Biodiversity publications archive

Refugia for biological diversity in arid and semi-arid Australia

Biodiversity Series, Paper No. 4
S.R. Morton, J. Short and R.D. Barker, with an Appendix by G.F. Griffin and G. Pearce
Biodiversity Unit
Department of the Environment, Sport and Territories, 1995

12. Refugia in the Northern Territory (continued)

12.12. Reference number NT12

Refuge area: Uluru and Kata Tjuta

Biogeographic region: Great Sandy Desert

Type of refuge: Ecological refuge/Mountain ranges

Lat./Long. 25°20’S / 131°E

Quality of refuge: Extremely significant (6)

Area (km²): <1,000

Chief refuge value

The presence of relatively moist environments in the vicinity of Uluru and Kata Tjuta provide habitat for rare, relict and unusual species.

General description

The monoliths Uluru and Kata Tjuta provide runoff water which finds its way into moist gorges and drainage lines where isolated populations persist in an environment otherwise characterised by infertile and dry dunefields1, 2, 3. In addition, there is a transitional sandplain lying between the mulga outwash zone around the monoliths and the dunefields beyond; this sandplain appears to be underlain by a buried drainage line, and may support vegetation with more regular plant production1, 2.

ANZECC-listed species

The mulgara Dasycercus cristicauda (V) occurs at Uluru National Park in sandplain which is transitional between the mulga outwash around Uluru and Kata Tjuta and the dunefields beyond1, 4.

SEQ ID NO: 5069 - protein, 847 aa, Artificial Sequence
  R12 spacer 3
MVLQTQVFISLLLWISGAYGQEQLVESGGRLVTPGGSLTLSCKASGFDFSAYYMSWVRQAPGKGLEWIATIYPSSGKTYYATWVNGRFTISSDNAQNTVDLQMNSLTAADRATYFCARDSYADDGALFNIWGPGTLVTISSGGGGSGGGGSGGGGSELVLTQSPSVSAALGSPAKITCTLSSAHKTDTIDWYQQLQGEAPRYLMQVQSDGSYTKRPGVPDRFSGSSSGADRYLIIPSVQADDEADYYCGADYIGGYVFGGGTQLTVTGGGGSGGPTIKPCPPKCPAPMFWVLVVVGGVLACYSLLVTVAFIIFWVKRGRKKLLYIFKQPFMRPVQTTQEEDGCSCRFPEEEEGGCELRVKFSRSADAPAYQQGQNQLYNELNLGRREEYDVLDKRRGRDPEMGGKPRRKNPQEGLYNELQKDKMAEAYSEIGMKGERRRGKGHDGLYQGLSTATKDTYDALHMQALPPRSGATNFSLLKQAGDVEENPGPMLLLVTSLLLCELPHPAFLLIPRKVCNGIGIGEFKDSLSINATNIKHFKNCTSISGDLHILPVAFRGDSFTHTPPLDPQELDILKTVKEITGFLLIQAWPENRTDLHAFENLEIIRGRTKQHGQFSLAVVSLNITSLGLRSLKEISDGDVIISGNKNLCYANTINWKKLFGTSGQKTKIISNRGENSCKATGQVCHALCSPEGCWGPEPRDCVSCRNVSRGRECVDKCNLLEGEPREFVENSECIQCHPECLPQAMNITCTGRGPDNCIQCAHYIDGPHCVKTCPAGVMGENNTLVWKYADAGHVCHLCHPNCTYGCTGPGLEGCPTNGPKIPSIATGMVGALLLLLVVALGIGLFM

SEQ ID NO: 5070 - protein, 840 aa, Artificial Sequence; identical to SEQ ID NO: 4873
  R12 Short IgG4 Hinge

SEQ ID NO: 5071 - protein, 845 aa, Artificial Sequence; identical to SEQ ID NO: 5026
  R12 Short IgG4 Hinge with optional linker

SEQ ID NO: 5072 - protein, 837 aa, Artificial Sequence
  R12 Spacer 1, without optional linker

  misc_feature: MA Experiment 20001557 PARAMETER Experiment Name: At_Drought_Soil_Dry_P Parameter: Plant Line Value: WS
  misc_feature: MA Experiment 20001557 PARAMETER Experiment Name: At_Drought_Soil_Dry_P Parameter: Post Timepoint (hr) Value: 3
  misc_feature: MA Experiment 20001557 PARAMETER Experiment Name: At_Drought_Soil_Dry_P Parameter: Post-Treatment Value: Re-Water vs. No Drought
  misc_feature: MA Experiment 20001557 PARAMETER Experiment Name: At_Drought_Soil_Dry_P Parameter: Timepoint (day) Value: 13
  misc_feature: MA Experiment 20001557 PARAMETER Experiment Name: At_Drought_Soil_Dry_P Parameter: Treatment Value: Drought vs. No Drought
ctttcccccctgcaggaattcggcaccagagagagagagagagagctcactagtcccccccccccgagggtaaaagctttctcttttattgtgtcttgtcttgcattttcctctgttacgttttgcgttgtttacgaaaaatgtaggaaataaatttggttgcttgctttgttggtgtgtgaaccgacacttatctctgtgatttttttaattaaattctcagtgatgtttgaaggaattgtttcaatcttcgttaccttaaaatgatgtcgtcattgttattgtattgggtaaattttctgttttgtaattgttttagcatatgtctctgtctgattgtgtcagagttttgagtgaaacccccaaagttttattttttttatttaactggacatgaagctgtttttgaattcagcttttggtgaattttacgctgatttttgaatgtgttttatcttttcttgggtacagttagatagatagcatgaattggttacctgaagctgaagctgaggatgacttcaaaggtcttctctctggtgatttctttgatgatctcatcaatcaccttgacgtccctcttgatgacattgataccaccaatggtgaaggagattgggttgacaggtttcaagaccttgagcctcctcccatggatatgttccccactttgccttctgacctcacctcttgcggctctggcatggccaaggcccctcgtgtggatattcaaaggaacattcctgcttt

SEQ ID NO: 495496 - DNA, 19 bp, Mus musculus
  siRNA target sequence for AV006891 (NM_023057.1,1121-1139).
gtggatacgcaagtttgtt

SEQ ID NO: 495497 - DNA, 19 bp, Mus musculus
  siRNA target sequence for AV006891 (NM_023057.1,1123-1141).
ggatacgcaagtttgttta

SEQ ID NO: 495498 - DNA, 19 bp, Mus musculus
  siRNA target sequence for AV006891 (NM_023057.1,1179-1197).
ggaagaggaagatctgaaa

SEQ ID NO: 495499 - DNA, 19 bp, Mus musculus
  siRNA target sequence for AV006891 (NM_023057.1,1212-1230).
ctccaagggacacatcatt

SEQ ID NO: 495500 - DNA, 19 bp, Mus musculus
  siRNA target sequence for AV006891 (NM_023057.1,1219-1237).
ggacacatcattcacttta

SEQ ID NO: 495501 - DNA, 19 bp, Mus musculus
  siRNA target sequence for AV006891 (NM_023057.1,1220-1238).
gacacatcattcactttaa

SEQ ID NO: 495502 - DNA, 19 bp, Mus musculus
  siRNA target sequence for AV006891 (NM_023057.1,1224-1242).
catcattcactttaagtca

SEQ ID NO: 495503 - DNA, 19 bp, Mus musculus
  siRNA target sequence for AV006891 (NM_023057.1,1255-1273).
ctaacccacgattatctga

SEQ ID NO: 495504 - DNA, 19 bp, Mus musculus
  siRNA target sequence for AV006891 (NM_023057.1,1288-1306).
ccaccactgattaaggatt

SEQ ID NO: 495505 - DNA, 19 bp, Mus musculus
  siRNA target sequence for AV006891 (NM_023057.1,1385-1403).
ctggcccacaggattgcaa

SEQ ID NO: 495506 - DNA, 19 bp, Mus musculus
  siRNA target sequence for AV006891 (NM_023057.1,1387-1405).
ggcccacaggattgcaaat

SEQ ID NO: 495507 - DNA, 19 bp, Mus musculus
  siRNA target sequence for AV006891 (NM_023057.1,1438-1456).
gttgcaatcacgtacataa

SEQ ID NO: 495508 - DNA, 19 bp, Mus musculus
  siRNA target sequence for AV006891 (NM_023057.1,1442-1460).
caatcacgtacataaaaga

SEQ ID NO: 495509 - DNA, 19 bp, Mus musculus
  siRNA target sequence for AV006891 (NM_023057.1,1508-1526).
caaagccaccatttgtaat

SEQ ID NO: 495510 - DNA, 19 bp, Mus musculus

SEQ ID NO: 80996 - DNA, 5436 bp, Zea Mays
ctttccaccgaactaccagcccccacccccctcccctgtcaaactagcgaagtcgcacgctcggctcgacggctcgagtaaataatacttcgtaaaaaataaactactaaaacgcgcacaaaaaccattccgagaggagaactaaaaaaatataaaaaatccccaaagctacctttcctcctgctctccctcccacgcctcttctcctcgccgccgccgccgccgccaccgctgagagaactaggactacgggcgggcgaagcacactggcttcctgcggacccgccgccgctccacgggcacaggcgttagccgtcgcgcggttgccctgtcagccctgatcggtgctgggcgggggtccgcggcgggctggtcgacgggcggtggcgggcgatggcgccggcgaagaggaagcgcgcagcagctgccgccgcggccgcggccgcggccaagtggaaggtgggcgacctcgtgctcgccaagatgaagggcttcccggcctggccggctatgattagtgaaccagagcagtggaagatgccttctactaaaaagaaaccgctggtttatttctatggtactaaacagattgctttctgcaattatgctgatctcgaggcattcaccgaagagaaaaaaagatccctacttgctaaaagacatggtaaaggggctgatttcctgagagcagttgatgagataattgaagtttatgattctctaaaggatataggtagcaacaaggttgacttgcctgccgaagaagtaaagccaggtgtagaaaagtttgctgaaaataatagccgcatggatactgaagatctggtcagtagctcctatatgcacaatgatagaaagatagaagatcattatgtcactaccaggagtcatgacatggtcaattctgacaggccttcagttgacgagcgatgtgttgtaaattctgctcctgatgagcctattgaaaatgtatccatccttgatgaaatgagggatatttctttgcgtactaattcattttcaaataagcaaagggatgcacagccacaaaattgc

Regional endemics

An undescribed and apparently relictual earthworm is known from Mutitjulu on the southern margin of Uluru1. The camaenid land-snail Basedowena olgana is known only from Kata Tjuta and Mount Conner nearby6.

The sandhill wattle Acacia ammobia occurs primarily just east of Uluru, and an undescribed grass Eragrostis sp. appears confined to Uluru7.

Relict species

The pygopodid Delma pax is represented by an apparently relict population at Uluru1. The great desert skink Egernia kintorei is known from the transitional sandplain at Uluru National Park1. The scorpion Cercophonius squama, a temperate species, occurs at Mutitjulu on the southern margin of Uluru5. Several relict plants are confined to moist gorges at Uluru and Kata Tjuta: Stylidium inaequipetalum, Parietaria debilis, Ophioglossum lusitanicum coriaceum, Isoëtes muelleri, and Triglochin calcitrapum3, 7. The grass Eriachne scleranthoides is confined to Kata Tjuta and one other location7.

Other significant species

There are significant populations at Uluru National Park of marsupial moles Notoryctes typhlops, striated grasswrens Amytornis striatus, rufous-crowned emu-wrens Stipiturus ruficeps, scarlet-chested parrots Neophema splendida, grey honeyeater Conopophila whitei, the desert mouse Pseudomys desertor, and a skink Ctenotus septenarius1.

Key threats

Foxes, cats, camels, and rabbits need to be controlled. Fire management and tourist pressure are being actively managed.

Land tenure

Uluru National Park.

Key references

1. Reid et al. (1993)

2. Saxon (1984)

3. Hooper et al. (1973)

4. Masters (1993)

5. Smith (1983)

6. Solem (1993)

7. Australian National Parks and Wildlife Service (1991)